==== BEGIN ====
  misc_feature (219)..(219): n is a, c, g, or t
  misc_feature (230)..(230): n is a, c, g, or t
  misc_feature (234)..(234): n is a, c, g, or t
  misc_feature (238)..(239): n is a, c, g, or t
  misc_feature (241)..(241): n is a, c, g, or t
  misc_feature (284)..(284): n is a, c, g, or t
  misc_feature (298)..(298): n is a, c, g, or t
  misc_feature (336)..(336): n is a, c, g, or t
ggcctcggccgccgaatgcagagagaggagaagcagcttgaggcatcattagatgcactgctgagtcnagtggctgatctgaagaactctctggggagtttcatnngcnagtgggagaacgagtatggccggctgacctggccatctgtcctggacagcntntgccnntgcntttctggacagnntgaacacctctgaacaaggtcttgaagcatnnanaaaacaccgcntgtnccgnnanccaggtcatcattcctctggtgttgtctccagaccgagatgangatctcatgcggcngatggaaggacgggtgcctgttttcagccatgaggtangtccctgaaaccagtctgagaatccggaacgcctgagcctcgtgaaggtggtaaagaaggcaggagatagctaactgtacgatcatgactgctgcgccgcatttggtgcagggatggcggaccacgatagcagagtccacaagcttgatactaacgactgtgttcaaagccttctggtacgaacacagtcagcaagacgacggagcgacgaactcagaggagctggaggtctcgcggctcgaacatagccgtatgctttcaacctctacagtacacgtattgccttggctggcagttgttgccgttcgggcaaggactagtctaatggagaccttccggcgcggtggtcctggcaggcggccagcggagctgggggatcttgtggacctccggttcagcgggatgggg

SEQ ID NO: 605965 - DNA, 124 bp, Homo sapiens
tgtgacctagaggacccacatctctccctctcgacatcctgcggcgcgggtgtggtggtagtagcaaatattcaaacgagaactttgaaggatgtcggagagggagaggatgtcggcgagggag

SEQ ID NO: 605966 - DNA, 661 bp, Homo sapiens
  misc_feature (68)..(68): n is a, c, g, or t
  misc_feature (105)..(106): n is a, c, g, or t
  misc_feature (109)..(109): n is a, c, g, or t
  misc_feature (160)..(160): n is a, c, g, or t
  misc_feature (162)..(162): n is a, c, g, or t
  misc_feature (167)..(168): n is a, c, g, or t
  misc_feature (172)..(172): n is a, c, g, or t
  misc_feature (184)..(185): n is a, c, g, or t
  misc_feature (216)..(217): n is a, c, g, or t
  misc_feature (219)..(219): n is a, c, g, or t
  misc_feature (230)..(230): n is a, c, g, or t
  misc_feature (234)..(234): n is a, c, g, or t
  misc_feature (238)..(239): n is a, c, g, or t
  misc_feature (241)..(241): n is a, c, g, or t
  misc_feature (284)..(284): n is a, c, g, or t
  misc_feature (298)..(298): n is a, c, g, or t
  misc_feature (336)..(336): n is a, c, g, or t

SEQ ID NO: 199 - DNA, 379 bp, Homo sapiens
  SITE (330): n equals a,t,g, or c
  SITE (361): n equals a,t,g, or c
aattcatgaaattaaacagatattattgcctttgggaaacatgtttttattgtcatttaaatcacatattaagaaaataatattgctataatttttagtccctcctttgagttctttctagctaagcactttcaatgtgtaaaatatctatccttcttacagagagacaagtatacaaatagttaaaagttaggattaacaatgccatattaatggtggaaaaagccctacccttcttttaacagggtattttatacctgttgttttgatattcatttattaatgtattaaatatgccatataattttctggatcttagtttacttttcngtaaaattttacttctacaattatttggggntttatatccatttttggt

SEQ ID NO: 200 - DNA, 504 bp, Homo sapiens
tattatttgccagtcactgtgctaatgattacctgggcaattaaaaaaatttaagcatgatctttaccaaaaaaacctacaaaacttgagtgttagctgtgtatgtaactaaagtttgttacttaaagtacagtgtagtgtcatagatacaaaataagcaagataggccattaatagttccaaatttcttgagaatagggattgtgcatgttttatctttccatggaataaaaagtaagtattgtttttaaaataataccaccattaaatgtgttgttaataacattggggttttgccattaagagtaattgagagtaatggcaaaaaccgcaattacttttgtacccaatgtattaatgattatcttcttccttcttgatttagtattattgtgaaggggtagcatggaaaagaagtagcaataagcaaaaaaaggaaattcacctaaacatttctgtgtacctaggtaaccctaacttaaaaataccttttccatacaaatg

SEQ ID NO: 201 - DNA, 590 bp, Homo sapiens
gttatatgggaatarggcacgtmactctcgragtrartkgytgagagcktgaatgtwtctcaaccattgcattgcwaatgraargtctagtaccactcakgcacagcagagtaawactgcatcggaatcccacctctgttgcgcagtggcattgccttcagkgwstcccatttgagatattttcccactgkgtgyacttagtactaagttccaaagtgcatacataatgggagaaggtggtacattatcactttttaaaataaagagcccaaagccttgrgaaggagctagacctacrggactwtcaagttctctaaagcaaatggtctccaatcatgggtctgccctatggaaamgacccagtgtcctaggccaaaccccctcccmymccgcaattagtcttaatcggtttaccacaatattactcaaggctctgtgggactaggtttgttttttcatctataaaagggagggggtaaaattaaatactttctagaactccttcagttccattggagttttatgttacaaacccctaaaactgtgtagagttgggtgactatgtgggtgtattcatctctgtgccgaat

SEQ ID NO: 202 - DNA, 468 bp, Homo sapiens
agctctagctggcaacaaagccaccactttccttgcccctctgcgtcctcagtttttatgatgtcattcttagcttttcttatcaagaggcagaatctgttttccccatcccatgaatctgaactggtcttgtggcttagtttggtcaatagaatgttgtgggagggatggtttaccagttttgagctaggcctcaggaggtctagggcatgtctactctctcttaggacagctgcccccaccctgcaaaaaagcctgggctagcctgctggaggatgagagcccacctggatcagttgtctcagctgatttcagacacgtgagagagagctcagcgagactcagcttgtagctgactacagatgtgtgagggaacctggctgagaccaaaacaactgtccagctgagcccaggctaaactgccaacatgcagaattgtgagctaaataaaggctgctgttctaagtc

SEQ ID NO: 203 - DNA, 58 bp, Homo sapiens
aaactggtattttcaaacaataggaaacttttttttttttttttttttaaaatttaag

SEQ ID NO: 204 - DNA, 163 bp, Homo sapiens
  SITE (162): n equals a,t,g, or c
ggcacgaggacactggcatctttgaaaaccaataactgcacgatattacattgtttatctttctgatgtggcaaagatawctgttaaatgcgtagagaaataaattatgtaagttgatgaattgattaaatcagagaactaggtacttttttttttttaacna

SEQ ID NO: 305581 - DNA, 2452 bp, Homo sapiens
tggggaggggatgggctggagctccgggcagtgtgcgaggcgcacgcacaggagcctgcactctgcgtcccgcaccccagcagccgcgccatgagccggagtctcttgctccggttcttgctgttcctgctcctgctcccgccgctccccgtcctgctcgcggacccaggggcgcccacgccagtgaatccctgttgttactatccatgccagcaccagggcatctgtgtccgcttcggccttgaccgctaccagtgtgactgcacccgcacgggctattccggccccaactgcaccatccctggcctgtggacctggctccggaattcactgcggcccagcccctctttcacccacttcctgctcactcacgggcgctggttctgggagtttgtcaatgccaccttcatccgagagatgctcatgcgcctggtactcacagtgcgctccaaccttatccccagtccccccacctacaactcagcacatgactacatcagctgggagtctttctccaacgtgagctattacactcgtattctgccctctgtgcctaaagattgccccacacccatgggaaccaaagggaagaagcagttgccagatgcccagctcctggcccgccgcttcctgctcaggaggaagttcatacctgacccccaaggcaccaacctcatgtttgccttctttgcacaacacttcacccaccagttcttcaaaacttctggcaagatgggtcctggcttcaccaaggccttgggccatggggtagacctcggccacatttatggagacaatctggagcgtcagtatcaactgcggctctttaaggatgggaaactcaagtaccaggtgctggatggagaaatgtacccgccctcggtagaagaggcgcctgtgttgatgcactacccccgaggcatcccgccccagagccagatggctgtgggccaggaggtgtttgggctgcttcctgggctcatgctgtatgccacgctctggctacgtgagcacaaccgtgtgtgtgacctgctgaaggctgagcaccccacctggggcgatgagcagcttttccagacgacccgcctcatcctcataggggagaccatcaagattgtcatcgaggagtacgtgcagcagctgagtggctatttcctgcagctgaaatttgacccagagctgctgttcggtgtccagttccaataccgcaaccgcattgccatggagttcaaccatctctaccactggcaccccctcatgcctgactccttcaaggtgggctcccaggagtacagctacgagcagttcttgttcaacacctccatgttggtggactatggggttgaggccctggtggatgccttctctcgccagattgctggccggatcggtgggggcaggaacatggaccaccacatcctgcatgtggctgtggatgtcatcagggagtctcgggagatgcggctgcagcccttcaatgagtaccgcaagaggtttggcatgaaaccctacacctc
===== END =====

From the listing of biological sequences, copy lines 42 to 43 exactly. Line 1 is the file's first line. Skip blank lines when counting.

SEQ ID NO: 204 - DNA, 163 bp, Homo sapiens
  SITE (162): n equals a,t,g, or c